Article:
Maximize your opt-in rates for the use of customer data in marketing through a deeper understanding of what customers truly want in exchange
Gaining and retaining the consent of customers for the use of their data in marketing is a constant challenge for all telcos. Consumers expect to receive personalized services and, while they are often willing to opt-in to the use of data in order to get this, concerns about privacy and how data will be used are widespread. Therefore, an effective consent management strategy is an essential part of telco marketing.
The challenges of gaining consent
The first step is to ensure you have the necessary permissions to use customer data in telco business intelligence and analytics processes. Without consent, telcos will never be able to take full advantage of the wealth of first-party data they hold. Yet getting consent can be tricky.
A move away from an environment of assumed consent to one where customers are required to actively opt-in to accept the use of their data poses many challenges. From regulations such as GDPR, which set out strict rules on how to gain consent, to tech industry efforts by the likes of Apple and Google, the balance has shifted significantly in favor of privacy in recent years.
Telcos are required to disclose that customer data will be used for marketing purposes, and firms may be reluctant to do this out of worry it can create suspicion. As such, it’s essential for organizations to demonstrate the positives – and most customers expect to get something out of this consent.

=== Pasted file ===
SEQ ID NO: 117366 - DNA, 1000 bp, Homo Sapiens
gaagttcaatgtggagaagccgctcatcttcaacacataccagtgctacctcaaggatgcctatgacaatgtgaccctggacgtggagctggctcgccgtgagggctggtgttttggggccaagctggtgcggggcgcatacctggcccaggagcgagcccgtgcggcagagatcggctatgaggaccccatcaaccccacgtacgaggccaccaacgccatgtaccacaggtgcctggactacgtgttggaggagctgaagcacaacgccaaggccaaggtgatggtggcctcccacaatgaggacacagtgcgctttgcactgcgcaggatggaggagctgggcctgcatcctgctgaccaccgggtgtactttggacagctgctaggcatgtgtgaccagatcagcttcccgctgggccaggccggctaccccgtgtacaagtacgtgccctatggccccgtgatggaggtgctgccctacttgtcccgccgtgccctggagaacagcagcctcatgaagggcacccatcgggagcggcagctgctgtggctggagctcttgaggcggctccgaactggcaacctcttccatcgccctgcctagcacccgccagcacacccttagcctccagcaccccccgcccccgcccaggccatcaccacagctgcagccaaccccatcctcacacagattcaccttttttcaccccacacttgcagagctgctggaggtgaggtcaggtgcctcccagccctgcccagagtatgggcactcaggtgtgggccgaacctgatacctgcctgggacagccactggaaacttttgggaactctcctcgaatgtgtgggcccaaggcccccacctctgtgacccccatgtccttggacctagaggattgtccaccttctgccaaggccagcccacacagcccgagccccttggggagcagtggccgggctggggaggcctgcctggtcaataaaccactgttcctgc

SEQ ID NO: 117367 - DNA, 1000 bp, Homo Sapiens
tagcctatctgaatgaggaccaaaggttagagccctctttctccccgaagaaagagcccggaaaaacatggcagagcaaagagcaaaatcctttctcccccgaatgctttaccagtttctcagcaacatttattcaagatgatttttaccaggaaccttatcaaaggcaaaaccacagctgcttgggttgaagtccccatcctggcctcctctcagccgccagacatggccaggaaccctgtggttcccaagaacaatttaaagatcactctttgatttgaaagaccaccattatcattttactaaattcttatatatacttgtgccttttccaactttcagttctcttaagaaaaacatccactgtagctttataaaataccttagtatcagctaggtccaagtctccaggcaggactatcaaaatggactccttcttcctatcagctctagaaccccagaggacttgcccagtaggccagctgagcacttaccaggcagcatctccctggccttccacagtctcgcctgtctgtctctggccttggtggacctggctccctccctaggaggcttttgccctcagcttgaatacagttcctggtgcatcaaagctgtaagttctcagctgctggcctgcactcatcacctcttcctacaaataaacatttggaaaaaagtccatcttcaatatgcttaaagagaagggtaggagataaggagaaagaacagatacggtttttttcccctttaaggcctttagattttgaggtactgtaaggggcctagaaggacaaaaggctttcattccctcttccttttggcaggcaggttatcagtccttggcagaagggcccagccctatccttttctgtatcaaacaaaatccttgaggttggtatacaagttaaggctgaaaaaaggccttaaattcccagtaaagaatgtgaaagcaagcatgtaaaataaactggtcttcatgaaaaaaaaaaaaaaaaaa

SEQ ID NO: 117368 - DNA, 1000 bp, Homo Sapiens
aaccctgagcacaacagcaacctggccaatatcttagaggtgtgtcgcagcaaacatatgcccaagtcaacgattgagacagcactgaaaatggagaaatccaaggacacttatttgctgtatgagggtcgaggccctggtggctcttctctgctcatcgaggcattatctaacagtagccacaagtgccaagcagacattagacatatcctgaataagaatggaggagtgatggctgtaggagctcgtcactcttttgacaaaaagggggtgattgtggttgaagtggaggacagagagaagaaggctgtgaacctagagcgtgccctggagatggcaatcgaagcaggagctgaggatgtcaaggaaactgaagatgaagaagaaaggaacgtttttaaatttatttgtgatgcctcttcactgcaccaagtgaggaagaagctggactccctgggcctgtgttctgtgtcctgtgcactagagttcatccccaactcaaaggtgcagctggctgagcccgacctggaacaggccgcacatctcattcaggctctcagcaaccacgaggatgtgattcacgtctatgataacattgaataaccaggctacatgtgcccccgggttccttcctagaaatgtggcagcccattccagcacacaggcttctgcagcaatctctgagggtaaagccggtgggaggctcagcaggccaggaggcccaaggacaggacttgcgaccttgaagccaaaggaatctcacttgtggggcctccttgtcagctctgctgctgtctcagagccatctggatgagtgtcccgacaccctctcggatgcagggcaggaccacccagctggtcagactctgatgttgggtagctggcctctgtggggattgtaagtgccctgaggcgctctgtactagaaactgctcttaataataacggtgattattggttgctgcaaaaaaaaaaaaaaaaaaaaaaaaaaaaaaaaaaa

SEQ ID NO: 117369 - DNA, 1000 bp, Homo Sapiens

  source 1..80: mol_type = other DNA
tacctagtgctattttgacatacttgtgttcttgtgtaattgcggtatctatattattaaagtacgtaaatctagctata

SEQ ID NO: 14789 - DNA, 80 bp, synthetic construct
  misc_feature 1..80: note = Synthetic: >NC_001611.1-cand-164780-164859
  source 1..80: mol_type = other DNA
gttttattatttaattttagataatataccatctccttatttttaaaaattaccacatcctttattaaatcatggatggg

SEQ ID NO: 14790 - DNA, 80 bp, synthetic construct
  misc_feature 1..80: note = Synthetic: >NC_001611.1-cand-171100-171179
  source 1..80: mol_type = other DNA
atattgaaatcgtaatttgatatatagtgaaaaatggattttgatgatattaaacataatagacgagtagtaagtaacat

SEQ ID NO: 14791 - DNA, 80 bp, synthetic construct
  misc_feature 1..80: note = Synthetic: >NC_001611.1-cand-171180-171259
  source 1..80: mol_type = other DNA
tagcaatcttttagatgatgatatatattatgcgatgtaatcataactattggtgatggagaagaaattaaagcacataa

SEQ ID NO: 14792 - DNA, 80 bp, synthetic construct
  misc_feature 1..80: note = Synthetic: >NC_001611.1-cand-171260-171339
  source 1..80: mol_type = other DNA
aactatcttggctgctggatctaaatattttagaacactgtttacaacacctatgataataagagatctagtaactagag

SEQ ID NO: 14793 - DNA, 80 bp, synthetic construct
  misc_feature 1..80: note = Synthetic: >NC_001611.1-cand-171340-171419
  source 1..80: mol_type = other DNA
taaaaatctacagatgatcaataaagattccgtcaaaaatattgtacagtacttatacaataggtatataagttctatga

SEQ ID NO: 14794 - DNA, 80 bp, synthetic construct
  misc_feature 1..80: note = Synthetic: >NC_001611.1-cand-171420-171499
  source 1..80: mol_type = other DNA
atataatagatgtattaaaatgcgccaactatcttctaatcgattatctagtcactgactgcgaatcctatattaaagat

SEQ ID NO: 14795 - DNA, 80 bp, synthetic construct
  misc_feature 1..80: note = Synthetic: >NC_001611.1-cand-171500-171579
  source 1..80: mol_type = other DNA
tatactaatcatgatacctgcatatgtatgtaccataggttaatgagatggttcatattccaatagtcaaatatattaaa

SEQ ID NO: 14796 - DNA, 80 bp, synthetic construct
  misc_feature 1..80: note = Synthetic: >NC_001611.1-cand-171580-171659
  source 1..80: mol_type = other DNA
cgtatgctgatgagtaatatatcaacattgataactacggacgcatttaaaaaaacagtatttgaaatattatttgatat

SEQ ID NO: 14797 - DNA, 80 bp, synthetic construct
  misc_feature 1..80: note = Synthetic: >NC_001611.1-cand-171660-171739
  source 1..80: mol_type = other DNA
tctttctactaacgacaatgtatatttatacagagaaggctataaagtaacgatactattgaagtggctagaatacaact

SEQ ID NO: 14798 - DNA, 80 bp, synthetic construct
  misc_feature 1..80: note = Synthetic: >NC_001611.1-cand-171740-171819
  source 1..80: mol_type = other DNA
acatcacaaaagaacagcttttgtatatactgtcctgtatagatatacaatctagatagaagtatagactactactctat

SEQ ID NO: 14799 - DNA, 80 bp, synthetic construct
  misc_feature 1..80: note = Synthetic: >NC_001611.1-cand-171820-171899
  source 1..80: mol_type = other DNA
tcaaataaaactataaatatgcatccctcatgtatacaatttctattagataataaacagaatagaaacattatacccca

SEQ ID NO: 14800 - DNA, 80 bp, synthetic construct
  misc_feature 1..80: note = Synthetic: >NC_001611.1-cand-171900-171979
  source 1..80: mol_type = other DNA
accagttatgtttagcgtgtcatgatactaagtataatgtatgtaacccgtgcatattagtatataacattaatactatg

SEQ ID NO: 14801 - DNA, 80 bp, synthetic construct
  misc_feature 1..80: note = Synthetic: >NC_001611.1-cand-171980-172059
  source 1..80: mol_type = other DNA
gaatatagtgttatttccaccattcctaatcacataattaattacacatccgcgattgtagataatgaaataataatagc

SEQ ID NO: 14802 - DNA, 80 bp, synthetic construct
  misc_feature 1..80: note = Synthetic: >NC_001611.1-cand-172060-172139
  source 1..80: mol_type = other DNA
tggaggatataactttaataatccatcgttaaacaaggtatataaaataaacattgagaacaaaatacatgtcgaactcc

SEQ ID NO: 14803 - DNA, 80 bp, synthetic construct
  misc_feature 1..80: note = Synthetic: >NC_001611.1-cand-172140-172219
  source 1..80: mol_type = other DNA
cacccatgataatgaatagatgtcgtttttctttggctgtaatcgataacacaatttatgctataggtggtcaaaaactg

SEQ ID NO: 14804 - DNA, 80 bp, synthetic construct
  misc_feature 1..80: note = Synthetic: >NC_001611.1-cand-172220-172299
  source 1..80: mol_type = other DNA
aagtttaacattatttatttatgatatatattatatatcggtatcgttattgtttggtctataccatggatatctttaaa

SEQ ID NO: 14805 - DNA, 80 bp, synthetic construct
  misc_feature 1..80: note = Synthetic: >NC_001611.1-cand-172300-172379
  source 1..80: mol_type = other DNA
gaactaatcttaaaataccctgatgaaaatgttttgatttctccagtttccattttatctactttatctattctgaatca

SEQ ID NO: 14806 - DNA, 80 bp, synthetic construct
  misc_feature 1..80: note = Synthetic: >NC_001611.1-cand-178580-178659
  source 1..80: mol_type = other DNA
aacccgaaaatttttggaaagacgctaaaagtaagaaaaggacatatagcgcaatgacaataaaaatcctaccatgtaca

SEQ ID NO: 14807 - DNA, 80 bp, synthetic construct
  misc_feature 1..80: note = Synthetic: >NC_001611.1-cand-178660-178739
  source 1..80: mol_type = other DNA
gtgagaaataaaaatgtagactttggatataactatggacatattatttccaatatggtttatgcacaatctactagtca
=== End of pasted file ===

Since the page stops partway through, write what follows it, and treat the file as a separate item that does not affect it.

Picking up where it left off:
For some, this could be relevant, informative content. For others it might be free items such as coffee. Others will want reassurances their information won’t be passed on to third parties, while some never consent to the use of their personal data.
Getting consent where possible, however, is vital to the success of marketing campaigns. Telcos have an incredibly rich first-party data source that can be used to greatly improve their personalized marketing. Yet in many cases, data such as weblogs is mainly used only for operational purposes – partly because firms struggle to work with this data quickly and at scale and partly because of consent issues.
Maximizing the value of your opted-in customers
In order to maximize rates of opt-ins, telcos should treat this as part of their customer journey management activities. Privacy is an integral part of the customer experience, yet many companies still fail to tie these areas together.
With the right insight into who a customer really is beyond demographic data – their interests, brand affinities and the services they use – telcos can provide customers with real value in exchange for opting in.
However, developing tailored, relevant messages for these users is just the start. The insight gained from these customers can also be used to help retain and increase consent. By looking at which messages keep customers opted-in, when they share a specific cluster of interests and demographics, telcos can create detailed, segmented models of their customers to identify those who are most likely to opt in.
This can in turn allow firms to tailor consent-focused campaigns that offer the most relevant incentives and reach only those people who are likely to switch their status, while avoiding wasting time, money and goodwill contacting those who will not do so under any circumstances.
However, once opted-in, it’s also critical that telcos don’t treat this as mission accomplished. They will still have to carefully tailor and measure their communications to each customer to make sure they actually realize the value of this.
Delivering the right message, via the right medium, at the right time is vital in maintaining consent. If the marketing materials aren’t deemed relevant, come too frequently or interrupt customers where they don’t want to be reached, they will quickly withdraw their consent.